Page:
At City Hall on Monday, Albany Mayor Kathy Sheehan presented a proposed 2018 budget that once again hinges on $12.5 million in Capital City funding from the state.
The mayor's office touted the fact that the $176 million-dollar package (which comes with a slight tax increase) includes a half a million dollar decrease over 2017's spending plan – the first consecutive budget decrease in over 60 years. Mayor Sheehan: "You know a budget ultimately is a policy document. A budget talks about and speaks to the priorities that we have as city government. And while we focused on ensuring that we're effective and we're efficient, I can sometimes become a bit wonky and talk about numbers, we really just have to go back to the why. And the why that we are doing this is so that we can continue our equity agenda so that we can continue to rebuild neighborhoods, and so that we can continue to focus on making investments that are going to strengthen our neighborhoods, that're going to strengthen our communities, and that are going to allow our city to continue to move forward."
It’s a time of transition in city government following the key Democratic primary in September. The general election is set for November, with a new common council to be sworn-in in the new year. Current representatives, including the 11th ward's Judd Krasher, have been reviewing Sheehan's budget. "In the budget are raises, for mid-level and top-level management. These are folks in city government that are already making six-figure salaries. That's unacceptable, on many fronts. First of all, the city of Albany was recently named the most fiscally-stressed city in the state of New York. That's no time to be giving out raises to mid-level and top-level management. Furthermore, it's awfully difficult to tell a family in the 11th ward or anywhere in the city of Albany for that matter, who's on a fixed income, struggling to pay their bills as it is, including a trash fee, which is still baked into this budget, to shoulder an additional increase in their taxes to in part pay for raises for individuals already making very high salaries."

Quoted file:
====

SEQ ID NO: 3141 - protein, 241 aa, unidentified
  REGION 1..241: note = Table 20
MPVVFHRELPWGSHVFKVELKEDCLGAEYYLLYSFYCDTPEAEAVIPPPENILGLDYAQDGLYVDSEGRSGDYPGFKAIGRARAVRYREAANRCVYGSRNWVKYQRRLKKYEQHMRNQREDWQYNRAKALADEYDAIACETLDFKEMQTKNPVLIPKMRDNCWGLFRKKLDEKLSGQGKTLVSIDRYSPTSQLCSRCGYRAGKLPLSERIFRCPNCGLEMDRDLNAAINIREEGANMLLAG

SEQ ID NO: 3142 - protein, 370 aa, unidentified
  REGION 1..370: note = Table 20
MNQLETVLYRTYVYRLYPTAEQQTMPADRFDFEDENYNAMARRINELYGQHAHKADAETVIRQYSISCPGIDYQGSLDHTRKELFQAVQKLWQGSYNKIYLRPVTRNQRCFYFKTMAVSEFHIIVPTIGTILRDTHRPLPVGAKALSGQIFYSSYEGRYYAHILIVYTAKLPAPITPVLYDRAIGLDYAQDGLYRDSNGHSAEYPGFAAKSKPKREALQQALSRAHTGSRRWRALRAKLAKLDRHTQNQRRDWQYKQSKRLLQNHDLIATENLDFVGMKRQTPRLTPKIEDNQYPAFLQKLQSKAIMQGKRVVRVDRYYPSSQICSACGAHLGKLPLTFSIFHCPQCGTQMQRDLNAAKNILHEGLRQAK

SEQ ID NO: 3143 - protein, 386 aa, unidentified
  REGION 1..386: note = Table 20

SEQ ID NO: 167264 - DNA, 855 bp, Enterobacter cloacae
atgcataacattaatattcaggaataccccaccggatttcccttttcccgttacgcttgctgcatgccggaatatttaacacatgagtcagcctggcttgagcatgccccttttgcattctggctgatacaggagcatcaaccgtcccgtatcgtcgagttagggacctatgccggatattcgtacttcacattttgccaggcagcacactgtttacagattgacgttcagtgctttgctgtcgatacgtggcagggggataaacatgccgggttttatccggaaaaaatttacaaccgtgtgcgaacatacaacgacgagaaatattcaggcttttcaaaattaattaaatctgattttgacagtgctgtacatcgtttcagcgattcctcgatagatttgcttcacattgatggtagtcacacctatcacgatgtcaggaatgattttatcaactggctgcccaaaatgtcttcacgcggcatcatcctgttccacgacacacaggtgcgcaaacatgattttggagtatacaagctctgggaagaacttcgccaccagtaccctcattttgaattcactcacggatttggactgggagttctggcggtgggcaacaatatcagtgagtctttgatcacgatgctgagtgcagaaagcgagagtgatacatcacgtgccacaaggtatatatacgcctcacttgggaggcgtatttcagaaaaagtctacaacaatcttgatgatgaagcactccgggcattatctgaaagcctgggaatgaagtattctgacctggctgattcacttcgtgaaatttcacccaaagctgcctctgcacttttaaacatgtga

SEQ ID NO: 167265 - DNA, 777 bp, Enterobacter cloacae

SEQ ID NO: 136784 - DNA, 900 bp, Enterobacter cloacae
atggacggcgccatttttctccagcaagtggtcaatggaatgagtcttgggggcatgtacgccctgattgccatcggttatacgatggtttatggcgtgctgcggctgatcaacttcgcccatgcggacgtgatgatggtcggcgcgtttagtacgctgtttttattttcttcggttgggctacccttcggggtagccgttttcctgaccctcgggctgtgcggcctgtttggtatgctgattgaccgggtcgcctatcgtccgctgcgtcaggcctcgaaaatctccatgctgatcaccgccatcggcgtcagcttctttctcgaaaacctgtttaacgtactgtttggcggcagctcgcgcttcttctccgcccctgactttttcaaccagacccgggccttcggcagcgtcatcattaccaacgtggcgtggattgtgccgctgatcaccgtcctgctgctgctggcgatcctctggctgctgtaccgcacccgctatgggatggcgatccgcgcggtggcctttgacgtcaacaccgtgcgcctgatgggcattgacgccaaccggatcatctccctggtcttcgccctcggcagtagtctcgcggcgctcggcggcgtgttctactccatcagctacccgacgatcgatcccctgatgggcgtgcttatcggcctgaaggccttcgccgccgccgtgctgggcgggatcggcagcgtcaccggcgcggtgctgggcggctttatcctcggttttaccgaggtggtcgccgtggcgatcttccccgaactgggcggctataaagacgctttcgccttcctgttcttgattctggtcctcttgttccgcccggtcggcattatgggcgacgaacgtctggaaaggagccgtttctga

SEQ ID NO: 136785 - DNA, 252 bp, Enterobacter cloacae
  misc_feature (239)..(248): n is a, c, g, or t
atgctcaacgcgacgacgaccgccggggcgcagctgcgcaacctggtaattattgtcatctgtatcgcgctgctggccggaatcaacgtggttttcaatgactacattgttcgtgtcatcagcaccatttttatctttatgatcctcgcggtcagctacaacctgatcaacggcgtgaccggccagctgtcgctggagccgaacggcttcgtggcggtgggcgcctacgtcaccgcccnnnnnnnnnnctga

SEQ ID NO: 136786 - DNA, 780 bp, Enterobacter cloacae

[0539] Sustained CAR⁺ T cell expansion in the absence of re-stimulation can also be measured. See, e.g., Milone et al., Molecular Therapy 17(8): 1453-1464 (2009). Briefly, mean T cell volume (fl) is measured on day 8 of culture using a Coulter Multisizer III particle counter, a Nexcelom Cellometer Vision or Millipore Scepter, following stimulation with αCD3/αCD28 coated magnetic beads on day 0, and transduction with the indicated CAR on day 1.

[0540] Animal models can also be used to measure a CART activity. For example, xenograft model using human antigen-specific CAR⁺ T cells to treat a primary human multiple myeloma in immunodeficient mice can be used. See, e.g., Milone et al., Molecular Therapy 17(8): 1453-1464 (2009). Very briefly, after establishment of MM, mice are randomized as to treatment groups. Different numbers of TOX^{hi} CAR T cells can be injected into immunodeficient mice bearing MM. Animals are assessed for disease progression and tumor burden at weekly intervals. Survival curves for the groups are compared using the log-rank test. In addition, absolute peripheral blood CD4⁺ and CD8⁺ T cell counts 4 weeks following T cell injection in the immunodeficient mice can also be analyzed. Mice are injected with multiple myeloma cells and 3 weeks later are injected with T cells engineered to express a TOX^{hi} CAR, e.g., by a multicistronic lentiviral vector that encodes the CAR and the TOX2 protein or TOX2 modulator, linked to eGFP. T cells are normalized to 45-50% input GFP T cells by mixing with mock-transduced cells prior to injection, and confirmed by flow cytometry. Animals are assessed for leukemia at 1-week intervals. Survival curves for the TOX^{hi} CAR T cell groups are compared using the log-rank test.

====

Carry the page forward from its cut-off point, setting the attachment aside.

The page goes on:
The budget follows guidelines set by both the PFM Report and State Comptroller Tom DiNapoli's recent report Krasher cited that found Albany in dire financial straits.
The mayor, fresh off a primary win, says the city has been addressing those issues. "We have to be working toward rebuilding our fund balance, because we're expected to have one, and if we don't have one, we'll be designated as being in fiscal stress. So, this budget, you know, we've already started to take a look at where we think we're gonna finish 2017 and how that is going to play into the fiscal stress test, and we believe that we're gonna see progress so that that number will be lowered."
Ninth ward Common Councilor Judy Doesschate chairs the finance taxation and assessment committee. She says while it's a little premature to reach any conclusions, she did take note of one item: "There's a $1.25 million reduction in revenue from the landfill, and the mayor commented how we need to wean ourselves off revenue form the landfill; eventually we need to face the fact that we're not going to have any revenue from the landfill. So I think that that's a good thing and that also should also help extend the life of the landfill."
Conservative mayoral candidate Joe Sullivan gives one number of the spending plan bellwether status: "So what we have is a budget that is the same as last year. A budget with a $12.5 million dollar gap in it."
Sullivan wonders if Sheehan will receive new or spin-up money to cover the gap. The governor's office isn't tipping its hand. Spokesman Rich Azzopardi: "The 2018-19 Executive Budget will be released in January and any spending proposals will be considered in that context."
The Common Council will review Mayor Sheehan's budget plan and meet with the budget director Oct. 11. The first public hearing will be October 16th at the Common Council meeting, with a second the first Monday in November.